Two literary figures have strong connections with Cleobury: William Langland and Simon Evans. Langland, a contemporary of Geoffrey Chaucer, was almost certainly born in the vicinity in the 14th century, and is commemorated in the very fine and intricate (Victorian) East Window of St Mary's Church, as well as in a local road name. Simon Evans is a 20th-century writer, who fought throughout the First World War, and suffered from being gassed. He had been a postman on Merseyside before the war, and after the war sought a rural postal round, to soothe both nerves and body. Cleobury suited him well; here he blossomed, took a correspondence course in English, and became a successful writer and radio broadcaster in the 1930s. Heath Cranton published five of his books, and he married 'Auntie Doris' (Aldridge), a radio performer, but his new life was cut short in 1940, when the effects of the gassing finally caught up with him. His legacy is visible in the naming of a local street, a plaque on the old Post Office, and a dedicated local walk – 'The Simon Evans Way' – which the CM Footpath Association has created in recent years.
The River Rea runs to the east of the town, whilst through the town itself is the Pudding Brook, which flows from west to east before meeting the Rea. The land gradually rises from 110 metres above sea level near to the river, to 150 metres in the west of the town. The Clee Hills, the highest hills in Shropshire, are nearby and the Wyre Forest lies between the town and Bewdley. The border with Worcestershire is a mile to the south.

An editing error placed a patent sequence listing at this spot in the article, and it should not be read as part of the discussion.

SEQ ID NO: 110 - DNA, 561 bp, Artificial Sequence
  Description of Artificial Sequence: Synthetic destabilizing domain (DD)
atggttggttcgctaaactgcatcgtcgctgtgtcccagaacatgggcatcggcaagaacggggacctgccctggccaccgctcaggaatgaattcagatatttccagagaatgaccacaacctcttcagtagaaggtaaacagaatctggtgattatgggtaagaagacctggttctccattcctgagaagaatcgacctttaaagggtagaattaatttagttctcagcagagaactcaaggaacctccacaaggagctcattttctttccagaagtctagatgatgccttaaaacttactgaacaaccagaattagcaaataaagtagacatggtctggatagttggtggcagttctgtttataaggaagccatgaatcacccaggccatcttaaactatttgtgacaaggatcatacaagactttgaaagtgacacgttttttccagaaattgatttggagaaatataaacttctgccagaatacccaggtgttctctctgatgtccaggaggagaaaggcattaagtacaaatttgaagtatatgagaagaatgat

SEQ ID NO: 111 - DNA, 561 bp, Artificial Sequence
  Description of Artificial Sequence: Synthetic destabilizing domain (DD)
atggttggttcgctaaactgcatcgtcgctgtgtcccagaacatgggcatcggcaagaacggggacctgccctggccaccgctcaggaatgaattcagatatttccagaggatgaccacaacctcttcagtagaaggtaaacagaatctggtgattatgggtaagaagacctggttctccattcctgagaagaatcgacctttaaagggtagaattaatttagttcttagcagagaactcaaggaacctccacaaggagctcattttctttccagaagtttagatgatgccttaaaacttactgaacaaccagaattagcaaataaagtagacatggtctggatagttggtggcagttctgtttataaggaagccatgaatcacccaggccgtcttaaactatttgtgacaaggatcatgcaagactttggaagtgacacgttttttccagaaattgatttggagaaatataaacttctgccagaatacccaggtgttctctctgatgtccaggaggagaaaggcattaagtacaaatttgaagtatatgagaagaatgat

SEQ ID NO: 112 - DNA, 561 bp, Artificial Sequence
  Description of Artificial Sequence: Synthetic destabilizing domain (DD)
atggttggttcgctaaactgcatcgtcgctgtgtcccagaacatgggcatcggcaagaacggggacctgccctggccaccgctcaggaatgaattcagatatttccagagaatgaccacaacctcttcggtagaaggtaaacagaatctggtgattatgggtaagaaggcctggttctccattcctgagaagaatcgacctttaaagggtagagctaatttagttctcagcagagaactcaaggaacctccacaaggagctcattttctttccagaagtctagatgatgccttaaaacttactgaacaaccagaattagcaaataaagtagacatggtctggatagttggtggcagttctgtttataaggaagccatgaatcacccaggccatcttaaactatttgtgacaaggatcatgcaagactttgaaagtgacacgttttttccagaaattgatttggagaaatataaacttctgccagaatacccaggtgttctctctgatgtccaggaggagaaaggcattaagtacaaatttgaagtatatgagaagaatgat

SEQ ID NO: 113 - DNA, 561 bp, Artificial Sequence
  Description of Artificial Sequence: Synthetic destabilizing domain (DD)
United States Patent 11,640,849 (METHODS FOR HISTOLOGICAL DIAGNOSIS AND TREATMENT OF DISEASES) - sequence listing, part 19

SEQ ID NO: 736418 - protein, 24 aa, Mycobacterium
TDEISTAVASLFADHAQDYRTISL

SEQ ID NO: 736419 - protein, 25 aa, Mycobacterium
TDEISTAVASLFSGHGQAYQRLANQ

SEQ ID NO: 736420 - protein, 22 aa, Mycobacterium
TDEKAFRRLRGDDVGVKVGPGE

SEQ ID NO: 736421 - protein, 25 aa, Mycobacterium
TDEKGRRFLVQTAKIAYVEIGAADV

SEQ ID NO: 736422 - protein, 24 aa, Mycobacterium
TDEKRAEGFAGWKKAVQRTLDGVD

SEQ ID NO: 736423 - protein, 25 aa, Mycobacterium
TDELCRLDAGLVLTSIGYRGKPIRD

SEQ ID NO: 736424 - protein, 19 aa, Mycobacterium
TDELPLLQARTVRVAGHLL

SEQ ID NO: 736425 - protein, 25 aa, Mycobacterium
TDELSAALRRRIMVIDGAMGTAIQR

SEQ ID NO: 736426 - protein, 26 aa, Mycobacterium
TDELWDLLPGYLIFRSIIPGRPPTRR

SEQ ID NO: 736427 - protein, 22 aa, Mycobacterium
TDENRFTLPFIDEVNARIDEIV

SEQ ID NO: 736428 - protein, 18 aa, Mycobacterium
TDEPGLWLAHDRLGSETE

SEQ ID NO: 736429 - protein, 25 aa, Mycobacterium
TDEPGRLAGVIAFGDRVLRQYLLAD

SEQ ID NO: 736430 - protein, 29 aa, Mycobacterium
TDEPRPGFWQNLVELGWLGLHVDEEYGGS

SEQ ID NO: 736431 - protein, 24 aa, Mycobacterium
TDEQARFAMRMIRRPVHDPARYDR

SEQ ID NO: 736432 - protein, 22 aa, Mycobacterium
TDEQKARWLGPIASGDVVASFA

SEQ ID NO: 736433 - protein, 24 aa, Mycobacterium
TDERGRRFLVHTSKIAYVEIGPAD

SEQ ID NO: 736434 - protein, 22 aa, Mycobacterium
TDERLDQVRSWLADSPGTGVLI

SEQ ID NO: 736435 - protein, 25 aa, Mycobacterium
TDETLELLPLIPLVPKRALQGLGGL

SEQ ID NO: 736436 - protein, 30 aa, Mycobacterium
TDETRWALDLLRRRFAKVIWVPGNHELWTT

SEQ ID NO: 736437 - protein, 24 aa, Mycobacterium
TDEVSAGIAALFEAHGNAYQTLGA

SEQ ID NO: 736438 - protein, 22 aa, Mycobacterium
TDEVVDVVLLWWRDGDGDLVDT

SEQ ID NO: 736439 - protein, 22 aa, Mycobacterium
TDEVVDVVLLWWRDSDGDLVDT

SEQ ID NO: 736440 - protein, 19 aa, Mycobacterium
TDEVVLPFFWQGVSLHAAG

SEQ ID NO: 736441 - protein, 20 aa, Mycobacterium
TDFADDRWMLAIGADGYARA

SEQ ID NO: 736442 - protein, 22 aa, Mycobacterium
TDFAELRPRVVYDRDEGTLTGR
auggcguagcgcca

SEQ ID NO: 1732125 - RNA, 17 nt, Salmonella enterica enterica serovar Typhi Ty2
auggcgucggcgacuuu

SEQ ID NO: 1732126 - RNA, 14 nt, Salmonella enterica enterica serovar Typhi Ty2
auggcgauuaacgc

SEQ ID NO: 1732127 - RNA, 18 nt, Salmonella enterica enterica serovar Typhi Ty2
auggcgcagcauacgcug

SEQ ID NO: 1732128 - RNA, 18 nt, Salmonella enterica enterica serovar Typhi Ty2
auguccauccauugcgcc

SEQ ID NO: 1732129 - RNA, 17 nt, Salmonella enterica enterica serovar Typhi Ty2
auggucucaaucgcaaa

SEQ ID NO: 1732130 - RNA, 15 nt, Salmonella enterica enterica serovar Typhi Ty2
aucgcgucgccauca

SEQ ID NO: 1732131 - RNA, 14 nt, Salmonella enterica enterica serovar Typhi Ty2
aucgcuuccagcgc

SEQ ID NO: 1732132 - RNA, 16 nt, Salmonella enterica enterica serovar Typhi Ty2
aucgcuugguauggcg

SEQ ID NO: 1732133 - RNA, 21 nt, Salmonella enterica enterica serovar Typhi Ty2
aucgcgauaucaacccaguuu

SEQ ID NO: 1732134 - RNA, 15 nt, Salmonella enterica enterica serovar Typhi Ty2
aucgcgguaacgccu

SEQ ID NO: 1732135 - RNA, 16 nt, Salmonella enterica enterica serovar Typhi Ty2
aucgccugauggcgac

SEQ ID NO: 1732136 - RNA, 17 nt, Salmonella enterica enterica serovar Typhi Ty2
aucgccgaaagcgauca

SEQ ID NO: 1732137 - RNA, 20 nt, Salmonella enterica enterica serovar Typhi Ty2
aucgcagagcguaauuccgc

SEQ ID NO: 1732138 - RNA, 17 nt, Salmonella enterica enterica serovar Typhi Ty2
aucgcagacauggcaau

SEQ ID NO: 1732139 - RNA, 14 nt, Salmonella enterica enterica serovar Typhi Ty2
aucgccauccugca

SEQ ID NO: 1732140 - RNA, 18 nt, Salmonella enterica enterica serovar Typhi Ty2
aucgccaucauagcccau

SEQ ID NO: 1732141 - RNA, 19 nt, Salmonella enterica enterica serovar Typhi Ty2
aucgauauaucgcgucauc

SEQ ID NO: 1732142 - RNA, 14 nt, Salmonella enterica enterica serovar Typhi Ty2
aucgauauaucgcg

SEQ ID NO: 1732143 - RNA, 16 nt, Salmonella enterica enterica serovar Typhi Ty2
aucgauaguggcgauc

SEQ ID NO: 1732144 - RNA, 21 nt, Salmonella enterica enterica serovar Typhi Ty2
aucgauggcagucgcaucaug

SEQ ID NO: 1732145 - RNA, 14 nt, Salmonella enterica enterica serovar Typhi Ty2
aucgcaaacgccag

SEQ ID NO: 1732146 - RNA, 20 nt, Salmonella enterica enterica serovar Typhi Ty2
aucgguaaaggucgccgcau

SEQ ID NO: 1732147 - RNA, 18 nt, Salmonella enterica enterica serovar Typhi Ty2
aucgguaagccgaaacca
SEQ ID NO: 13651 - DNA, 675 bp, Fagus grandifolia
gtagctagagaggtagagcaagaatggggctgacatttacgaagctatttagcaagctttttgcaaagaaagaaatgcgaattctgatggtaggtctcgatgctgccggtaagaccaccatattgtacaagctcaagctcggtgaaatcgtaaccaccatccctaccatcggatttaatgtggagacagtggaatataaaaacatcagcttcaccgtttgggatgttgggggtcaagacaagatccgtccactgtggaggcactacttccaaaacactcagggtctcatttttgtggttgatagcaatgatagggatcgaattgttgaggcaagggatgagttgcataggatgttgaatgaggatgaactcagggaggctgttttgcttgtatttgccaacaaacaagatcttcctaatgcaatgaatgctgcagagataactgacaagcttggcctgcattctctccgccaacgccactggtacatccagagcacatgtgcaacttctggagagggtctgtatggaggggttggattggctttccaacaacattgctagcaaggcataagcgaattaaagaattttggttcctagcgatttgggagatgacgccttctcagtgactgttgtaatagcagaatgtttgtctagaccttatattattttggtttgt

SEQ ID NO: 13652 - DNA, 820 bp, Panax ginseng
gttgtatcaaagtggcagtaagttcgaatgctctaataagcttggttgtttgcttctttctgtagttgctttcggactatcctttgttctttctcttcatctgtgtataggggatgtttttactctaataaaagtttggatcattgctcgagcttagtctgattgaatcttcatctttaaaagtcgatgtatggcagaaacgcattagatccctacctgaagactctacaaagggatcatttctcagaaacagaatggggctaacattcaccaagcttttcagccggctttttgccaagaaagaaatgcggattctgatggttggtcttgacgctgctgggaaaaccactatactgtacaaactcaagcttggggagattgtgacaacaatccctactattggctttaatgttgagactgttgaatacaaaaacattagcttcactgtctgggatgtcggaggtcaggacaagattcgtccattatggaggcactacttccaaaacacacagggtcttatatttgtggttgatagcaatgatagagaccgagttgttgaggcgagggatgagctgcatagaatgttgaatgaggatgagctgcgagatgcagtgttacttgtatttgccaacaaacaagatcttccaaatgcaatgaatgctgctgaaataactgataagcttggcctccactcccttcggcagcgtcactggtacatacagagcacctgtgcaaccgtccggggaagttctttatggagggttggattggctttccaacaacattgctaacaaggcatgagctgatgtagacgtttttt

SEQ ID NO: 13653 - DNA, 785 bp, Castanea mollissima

The A4117 Kidderminster to Ludlow road runs through the centre of the town and crosses the River Rea at New Bridge. The B4363 runs between Cleobury Mortimer (its junction with the A4117 being immediately east of New Bridge) and Bridgnorth. The county town, Shrewsbury, is some 33 miles (53 km) distant by road, making Cleobury the most distant town from Shrewsbury in the county.
Cleobury was formerly served by two now-defunct railways: the Tenbury & Bewdley Railway and the Cleobury Mortimer and Ditton Priors Light Railway. The opening of the latter in 1908 elevated Cleobury Mortimer station (which was located some distance from the town, in the Wyre Forest) to the status of a 'Junction'. A separate station called Cleobury Town existed nearer the town, but only on the Ditton Priors line. Today the nearest railway stations are on the heritage Severn Valley Railway, with the nearest mainline stations at Ludlow and Kidderminster. There is a regular bus service (the 2L; formerly number 292) that runs between Ludlow and Kidderminster, calling at Cleobury.